• karol 3.1.1

        heh. Yes, Trotter’s suggestion for Sky is pretty radical. Unfortunately, Trotter doesn’t really understand the contemporary digital context. Nationalisation of Sky is an analogue, 20th century solution that doesn’t suit where the 21st century is going with a lot of TV shifting online – or at least, incresing convergence of Broadcast TV/radio and online delivery.

        Basically nationalisation won’t happen – certainly not in the near future.

        But Sky is already struggling to adapt to ondemand TV. Stonger public service provisions could help sink it.

        Cunliffe understands this, I think. There’s not a chance in hell of stopping commercial digital TV broadcasting/narrowcasting, on or offline. What is needed is for public service broad & narrowcasting to be developed, strengthened and supported across a range of platforms.

        PS: Tigger, I agree with you re Trotters comments about Maori TV.

        • Colonial Viper

          Cunliffe understands this, I think. There’s not a chance in hell of stopping commercial digital TV broadcasting/narrowcasting, on or offline.

          Well, any area can be regulated if it was deemed important enough, and worth the resulting cost in political capital.

          • karol


            Regulation is different from the nationalisation of Sky TV that Trotter is proposing.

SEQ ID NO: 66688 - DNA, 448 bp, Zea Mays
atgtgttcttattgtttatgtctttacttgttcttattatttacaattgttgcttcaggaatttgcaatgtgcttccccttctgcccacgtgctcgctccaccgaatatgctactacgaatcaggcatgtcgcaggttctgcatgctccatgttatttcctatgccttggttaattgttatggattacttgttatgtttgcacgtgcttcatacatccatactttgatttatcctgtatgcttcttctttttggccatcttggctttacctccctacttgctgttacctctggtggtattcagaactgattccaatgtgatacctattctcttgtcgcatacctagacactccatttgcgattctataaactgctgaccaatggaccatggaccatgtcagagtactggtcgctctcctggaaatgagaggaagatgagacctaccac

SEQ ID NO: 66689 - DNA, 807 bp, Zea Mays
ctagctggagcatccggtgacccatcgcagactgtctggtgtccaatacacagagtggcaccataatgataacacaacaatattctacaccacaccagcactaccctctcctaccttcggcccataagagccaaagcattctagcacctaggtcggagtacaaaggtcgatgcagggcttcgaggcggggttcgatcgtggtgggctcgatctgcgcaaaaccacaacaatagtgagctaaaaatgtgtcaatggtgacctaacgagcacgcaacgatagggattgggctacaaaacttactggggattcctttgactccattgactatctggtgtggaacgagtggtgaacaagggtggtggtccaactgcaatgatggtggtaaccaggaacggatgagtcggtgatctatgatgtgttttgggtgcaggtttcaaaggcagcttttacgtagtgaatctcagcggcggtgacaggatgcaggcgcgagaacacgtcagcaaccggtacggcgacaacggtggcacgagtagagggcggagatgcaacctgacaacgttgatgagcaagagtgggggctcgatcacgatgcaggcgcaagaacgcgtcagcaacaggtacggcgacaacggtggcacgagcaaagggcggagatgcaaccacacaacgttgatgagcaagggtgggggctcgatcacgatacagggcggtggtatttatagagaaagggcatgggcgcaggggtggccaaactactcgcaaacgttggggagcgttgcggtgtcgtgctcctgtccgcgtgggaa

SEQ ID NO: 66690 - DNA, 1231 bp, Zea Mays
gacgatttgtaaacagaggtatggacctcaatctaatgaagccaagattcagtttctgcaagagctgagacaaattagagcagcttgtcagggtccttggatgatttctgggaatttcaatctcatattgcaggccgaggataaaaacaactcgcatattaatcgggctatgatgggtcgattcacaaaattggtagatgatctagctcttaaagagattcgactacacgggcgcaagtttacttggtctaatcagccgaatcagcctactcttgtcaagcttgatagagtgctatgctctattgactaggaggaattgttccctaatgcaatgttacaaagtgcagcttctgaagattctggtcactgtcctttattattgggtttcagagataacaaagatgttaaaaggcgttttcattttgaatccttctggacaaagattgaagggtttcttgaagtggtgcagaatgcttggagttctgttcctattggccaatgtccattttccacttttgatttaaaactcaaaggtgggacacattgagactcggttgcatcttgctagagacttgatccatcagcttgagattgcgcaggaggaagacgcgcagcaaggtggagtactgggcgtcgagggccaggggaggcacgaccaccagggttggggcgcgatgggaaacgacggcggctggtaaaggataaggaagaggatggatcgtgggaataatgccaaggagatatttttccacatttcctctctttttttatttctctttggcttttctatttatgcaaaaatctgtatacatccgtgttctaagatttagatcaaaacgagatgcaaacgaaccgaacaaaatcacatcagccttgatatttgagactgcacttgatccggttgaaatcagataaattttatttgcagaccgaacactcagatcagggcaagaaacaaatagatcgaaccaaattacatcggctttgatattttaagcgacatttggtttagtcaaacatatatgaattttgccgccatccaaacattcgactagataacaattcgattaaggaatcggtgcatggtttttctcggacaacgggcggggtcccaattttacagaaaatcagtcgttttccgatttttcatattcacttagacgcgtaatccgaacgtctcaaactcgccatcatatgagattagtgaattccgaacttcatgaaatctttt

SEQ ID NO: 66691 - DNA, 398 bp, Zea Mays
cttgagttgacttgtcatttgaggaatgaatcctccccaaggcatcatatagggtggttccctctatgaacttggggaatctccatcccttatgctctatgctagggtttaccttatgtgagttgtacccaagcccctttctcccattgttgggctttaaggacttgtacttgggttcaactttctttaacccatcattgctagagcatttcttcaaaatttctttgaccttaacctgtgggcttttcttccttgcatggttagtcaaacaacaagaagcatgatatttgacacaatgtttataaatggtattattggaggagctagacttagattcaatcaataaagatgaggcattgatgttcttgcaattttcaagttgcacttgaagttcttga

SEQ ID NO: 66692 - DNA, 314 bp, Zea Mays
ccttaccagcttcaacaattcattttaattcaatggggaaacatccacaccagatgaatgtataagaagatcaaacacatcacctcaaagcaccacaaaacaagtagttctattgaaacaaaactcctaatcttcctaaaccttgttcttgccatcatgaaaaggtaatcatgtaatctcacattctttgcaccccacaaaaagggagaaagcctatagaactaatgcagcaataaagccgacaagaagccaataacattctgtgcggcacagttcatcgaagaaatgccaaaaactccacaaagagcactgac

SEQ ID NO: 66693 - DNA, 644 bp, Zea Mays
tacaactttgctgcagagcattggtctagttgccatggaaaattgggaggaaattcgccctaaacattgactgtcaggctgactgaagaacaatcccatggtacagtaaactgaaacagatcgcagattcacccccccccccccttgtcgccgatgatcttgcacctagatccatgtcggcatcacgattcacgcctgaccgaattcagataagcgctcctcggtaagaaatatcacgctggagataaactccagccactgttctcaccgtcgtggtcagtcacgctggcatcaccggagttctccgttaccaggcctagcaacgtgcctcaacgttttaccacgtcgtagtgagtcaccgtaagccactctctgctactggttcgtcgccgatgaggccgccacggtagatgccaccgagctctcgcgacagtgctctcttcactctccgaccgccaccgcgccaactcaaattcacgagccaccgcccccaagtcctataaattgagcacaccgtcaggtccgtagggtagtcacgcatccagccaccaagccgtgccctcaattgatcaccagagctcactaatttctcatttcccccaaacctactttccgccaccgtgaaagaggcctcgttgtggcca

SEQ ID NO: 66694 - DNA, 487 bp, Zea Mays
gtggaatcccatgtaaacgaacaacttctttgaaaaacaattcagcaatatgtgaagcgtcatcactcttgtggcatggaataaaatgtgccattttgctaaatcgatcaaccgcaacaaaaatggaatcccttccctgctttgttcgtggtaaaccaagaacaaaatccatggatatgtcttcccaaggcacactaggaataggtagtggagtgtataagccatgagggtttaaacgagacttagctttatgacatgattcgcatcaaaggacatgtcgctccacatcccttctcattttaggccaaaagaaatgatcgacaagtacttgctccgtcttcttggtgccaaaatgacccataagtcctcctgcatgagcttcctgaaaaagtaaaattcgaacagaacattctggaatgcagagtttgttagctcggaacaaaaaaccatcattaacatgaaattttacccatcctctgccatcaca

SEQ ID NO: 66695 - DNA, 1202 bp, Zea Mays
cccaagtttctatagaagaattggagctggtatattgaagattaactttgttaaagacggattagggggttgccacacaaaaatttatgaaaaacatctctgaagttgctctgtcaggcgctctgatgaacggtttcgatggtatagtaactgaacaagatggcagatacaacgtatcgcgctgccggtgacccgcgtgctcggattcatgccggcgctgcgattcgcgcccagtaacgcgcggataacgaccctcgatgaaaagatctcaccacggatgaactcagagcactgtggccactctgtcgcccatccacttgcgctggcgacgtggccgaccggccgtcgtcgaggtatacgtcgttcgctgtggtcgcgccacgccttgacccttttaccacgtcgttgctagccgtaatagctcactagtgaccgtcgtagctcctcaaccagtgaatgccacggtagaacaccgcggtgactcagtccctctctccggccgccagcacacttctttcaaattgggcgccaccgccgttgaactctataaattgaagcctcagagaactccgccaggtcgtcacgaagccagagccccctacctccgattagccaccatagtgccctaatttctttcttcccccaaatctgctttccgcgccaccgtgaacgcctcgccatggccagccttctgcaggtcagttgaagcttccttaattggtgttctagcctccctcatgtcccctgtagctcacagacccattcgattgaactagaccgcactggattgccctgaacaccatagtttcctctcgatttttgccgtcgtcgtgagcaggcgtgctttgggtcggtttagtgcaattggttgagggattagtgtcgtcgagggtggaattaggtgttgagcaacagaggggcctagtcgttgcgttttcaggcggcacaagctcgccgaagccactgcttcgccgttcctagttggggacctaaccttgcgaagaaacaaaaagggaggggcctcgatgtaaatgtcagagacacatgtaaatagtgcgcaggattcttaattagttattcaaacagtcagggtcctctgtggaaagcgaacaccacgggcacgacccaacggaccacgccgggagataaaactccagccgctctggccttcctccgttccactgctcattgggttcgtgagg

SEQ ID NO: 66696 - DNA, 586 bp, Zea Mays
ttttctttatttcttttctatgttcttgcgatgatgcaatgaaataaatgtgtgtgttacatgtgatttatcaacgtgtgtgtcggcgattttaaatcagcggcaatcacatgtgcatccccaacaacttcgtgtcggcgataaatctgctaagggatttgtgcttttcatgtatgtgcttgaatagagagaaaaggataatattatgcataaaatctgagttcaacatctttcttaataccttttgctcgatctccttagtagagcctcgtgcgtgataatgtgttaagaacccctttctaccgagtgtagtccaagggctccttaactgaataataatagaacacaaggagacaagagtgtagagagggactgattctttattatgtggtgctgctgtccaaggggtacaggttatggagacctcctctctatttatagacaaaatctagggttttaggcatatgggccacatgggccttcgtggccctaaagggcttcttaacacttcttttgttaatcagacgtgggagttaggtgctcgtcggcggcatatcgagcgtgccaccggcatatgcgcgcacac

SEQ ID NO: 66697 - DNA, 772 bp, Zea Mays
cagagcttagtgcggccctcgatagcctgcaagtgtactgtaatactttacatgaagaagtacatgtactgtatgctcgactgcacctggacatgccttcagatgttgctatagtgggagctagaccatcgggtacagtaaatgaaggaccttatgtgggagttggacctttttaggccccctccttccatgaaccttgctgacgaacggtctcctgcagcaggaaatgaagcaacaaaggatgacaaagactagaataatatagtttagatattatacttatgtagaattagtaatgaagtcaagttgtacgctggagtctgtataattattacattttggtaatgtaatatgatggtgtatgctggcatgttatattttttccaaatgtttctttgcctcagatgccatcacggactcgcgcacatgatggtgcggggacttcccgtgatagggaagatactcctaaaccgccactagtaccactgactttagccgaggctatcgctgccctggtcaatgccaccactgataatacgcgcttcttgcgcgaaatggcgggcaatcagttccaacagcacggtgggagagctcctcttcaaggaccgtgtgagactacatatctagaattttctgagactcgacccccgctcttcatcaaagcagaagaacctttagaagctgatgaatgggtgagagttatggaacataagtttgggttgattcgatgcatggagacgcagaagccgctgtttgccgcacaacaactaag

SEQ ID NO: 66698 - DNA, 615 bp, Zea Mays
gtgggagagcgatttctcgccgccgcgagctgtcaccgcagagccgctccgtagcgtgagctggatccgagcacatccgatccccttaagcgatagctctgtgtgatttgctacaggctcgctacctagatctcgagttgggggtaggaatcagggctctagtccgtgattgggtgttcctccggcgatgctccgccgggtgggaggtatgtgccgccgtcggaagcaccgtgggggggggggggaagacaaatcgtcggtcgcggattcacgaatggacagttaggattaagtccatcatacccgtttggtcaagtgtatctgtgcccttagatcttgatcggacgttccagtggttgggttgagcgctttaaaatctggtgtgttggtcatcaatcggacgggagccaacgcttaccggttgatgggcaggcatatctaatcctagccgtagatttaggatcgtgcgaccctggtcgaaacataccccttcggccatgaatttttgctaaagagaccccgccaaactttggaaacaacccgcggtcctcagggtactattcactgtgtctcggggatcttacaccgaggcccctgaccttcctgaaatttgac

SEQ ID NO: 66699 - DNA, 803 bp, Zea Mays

Commercial TV on and offline will continue whatever. But regulation of key channels would be a very good idea: ie maybe based on quotas and content? But, alongside that, some not for profit, public service on and offline channels.

      • Rogue Trooper 3.1.2

        Maori Television has a New Zealand focus.

  4. captain hook 4

    well in this mans democracy it is impossible to get parliament on TV unless you invest in the private channels system.
    time for the government to honour its promise to make parliament availlable to all.
    otherwise it is no democracy at all.

    • alwyn 4.1

      What do you mean by this?
      When the Welligton area converted to digital TV, and I dumped a twenty year old TV to get a more modern flatscreen with built in Freeview, one of the channels was the Parliamentary TV channel.
      Surely Freeview isn’t what you mean by the “private channels system”?

      • karol 4.1.1

        There are differences between the channels you can receive on Freeview Terrestrial & fFreeview Satellite. You can check the differences here.

        It looks like Parliament TV is available on both.

        however, coverage by Freeview does not extend across all areas in NZ. Some pockets cannot receive either version

        You can check coverage for specific areas here.

        Parliament TV does stream online, but it requires the investment in a broadband connection.

        Digital Switch Over should not have been finalised until all Kiwi households can receive the signals.

        • Draco T Bastard

          however, coverage by Freeview does not extend across all areas in NZ. Some pockets cannot receive either version